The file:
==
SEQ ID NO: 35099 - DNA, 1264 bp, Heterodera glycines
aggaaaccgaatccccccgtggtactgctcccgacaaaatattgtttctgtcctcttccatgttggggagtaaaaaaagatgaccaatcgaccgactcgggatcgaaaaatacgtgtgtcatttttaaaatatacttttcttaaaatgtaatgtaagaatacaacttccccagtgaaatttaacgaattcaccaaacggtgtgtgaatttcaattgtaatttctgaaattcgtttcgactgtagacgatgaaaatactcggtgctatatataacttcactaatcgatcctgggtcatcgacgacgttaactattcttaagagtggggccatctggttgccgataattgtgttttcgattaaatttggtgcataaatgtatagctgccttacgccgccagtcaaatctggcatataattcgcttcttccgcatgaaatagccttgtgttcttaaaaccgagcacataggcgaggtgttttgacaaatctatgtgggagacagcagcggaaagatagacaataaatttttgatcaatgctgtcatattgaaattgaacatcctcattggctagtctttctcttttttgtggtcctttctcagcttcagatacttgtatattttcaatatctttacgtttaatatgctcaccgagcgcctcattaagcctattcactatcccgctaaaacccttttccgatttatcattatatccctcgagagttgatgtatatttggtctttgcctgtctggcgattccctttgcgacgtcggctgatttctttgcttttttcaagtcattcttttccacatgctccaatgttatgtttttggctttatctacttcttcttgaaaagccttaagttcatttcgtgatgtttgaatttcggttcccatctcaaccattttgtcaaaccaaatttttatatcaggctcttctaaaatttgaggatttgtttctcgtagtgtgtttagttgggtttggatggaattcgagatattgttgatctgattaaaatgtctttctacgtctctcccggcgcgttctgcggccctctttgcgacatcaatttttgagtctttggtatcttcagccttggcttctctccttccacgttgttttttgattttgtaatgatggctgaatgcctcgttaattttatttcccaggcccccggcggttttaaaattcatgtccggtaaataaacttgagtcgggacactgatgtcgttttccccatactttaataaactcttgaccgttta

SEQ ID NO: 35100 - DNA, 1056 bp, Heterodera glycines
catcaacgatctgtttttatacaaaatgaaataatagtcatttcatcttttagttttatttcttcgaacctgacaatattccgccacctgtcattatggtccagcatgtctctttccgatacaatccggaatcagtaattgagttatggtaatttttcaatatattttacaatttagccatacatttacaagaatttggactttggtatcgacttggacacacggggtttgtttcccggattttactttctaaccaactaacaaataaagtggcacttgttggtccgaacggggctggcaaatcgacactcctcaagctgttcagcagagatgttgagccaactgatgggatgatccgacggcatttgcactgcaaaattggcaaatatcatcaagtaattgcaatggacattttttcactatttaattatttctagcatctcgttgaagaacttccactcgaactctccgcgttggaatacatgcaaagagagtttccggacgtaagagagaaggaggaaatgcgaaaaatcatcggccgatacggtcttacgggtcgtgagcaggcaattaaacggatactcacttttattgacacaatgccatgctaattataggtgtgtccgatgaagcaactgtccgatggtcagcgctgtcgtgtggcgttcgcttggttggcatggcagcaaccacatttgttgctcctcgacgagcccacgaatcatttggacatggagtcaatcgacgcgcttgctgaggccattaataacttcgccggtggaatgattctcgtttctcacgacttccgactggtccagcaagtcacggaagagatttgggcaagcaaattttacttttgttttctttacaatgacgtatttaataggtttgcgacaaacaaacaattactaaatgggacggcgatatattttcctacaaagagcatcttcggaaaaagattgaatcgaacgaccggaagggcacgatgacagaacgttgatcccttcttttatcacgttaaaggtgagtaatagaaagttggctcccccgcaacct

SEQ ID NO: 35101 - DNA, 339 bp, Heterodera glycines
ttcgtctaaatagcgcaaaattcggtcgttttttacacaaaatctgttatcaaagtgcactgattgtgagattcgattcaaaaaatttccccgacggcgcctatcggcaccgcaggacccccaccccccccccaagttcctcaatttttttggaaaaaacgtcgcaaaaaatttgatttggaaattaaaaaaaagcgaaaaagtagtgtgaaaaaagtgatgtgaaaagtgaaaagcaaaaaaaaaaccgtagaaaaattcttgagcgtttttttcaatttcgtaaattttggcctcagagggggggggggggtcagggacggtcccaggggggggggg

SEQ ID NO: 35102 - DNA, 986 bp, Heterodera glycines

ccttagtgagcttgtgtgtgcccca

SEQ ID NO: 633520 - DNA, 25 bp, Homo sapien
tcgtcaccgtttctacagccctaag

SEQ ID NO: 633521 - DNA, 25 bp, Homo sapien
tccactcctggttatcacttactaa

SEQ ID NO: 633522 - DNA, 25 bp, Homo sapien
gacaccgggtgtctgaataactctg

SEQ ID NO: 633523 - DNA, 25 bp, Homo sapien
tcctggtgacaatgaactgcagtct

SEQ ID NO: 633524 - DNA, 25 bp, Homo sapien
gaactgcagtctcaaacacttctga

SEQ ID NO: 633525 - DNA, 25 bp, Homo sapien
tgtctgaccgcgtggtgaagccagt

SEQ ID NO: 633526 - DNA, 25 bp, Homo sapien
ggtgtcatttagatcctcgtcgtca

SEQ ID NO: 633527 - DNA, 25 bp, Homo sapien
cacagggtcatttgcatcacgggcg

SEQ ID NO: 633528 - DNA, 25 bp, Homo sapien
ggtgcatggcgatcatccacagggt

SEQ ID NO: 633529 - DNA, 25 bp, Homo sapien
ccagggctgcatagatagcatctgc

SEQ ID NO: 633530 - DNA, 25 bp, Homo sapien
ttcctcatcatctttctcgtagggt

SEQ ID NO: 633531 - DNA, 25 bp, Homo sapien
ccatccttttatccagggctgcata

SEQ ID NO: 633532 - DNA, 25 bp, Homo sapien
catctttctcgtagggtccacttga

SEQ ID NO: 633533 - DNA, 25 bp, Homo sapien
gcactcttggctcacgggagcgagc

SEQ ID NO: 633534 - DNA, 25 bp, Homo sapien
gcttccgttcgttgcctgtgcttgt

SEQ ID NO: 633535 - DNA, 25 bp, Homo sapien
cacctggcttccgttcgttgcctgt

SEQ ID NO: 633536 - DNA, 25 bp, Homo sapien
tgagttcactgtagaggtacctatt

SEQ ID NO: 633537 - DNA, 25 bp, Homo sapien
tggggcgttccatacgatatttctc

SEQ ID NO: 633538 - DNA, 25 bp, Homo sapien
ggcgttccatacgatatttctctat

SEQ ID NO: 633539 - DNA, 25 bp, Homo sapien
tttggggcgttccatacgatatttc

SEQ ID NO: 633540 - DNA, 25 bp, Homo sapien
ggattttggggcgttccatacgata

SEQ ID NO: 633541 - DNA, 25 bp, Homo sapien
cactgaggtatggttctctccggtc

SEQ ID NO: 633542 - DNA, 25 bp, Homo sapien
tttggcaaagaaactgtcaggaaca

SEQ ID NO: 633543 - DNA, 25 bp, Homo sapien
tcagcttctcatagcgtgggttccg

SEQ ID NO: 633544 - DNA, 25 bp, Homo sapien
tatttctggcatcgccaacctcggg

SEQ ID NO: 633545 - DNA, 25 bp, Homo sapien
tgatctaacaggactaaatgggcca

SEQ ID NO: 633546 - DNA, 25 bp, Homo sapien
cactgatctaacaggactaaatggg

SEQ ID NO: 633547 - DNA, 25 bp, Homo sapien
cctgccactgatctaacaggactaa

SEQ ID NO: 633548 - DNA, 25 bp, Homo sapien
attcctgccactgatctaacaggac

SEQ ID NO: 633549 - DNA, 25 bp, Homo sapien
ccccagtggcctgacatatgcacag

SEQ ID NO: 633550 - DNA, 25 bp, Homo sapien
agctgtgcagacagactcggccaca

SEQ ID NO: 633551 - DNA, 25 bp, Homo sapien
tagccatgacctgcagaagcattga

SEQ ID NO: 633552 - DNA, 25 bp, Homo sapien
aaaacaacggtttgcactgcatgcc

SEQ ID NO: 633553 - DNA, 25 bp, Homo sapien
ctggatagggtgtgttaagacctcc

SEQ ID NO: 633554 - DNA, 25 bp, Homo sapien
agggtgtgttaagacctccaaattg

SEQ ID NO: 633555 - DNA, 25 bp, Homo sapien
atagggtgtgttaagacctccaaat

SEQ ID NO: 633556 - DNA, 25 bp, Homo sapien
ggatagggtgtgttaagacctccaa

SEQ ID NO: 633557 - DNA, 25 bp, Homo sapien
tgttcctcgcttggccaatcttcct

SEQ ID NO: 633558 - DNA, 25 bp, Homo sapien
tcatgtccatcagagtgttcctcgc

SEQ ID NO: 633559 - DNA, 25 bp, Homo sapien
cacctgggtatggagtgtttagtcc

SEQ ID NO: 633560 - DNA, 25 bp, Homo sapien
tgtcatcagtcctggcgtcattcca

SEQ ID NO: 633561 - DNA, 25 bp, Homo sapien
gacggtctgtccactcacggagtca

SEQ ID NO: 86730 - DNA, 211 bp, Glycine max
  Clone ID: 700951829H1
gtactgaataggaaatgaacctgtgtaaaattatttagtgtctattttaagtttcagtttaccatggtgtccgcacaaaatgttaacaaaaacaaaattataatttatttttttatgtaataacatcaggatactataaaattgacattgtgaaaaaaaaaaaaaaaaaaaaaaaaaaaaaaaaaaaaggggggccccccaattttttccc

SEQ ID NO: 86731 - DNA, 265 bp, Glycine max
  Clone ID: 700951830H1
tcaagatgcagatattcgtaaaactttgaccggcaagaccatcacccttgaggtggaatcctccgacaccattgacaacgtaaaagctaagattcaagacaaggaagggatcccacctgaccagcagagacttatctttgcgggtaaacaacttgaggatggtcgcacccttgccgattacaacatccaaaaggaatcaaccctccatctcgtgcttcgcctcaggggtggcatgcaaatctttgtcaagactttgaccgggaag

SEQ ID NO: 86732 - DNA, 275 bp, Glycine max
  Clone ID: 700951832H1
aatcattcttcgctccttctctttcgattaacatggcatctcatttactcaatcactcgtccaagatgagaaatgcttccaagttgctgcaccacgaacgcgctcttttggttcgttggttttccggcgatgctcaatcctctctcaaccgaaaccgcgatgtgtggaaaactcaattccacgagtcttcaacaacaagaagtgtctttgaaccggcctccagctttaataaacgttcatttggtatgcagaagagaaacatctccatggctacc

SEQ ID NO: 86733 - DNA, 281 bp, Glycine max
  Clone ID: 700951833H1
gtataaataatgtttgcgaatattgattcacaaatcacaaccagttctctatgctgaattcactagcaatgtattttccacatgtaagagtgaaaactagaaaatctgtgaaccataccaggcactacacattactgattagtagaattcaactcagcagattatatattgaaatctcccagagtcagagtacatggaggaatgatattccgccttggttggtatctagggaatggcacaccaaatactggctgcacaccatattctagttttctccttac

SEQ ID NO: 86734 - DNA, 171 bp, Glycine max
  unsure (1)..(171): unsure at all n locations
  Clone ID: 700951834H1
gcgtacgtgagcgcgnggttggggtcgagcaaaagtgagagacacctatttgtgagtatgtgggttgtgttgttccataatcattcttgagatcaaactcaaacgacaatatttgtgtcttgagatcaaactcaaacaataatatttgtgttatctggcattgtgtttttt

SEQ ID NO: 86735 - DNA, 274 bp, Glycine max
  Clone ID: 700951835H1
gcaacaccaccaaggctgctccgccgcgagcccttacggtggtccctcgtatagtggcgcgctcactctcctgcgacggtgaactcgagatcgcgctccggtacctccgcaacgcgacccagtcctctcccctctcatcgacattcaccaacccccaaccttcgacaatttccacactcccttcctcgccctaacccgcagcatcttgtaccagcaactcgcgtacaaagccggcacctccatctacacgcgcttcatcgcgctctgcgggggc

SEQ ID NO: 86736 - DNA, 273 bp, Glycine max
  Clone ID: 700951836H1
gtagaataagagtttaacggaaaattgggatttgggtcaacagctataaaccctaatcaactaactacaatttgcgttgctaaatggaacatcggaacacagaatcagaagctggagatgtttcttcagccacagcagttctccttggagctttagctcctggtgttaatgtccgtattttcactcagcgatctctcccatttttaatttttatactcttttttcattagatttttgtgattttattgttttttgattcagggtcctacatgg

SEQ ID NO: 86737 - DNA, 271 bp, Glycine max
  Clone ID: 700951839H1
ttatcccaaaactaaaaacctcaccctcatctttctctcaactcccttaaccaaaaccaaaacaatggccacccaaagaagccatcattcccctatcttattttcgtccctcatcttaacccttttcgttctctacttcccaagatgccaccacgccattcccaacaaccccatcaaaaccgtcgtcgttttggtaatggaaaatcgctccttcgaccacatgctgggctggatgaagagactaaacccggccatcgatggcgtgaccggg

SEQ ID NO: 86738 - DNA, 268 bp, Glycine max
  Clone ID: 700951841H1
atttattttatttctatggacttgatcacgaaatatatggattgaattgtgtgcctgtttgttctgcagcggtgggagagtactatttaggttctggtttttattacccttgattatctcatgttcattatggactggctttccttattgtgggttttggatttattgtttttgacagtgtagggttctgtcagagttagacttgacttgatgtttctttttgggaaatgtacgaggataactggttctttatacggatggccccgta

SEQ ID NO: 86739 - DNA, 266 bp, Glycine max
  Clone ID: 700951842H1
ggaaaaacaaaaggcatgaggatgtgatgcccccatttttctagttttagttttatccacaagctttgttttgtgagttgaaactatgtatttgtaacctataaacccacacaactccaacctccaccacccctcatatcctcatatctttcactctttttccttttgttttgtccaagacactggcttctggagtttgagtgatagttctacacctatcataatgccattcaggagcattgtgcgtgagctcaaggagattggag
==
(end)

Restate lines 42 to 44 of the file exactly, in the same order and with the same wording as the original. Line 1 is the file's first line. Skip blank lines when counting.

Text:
tgagttcactgtagaggtacctatt

SEQ ID NO: 633537 - DNA, 25 bp, Homo sapien
tggggcgttccatacgatatttctc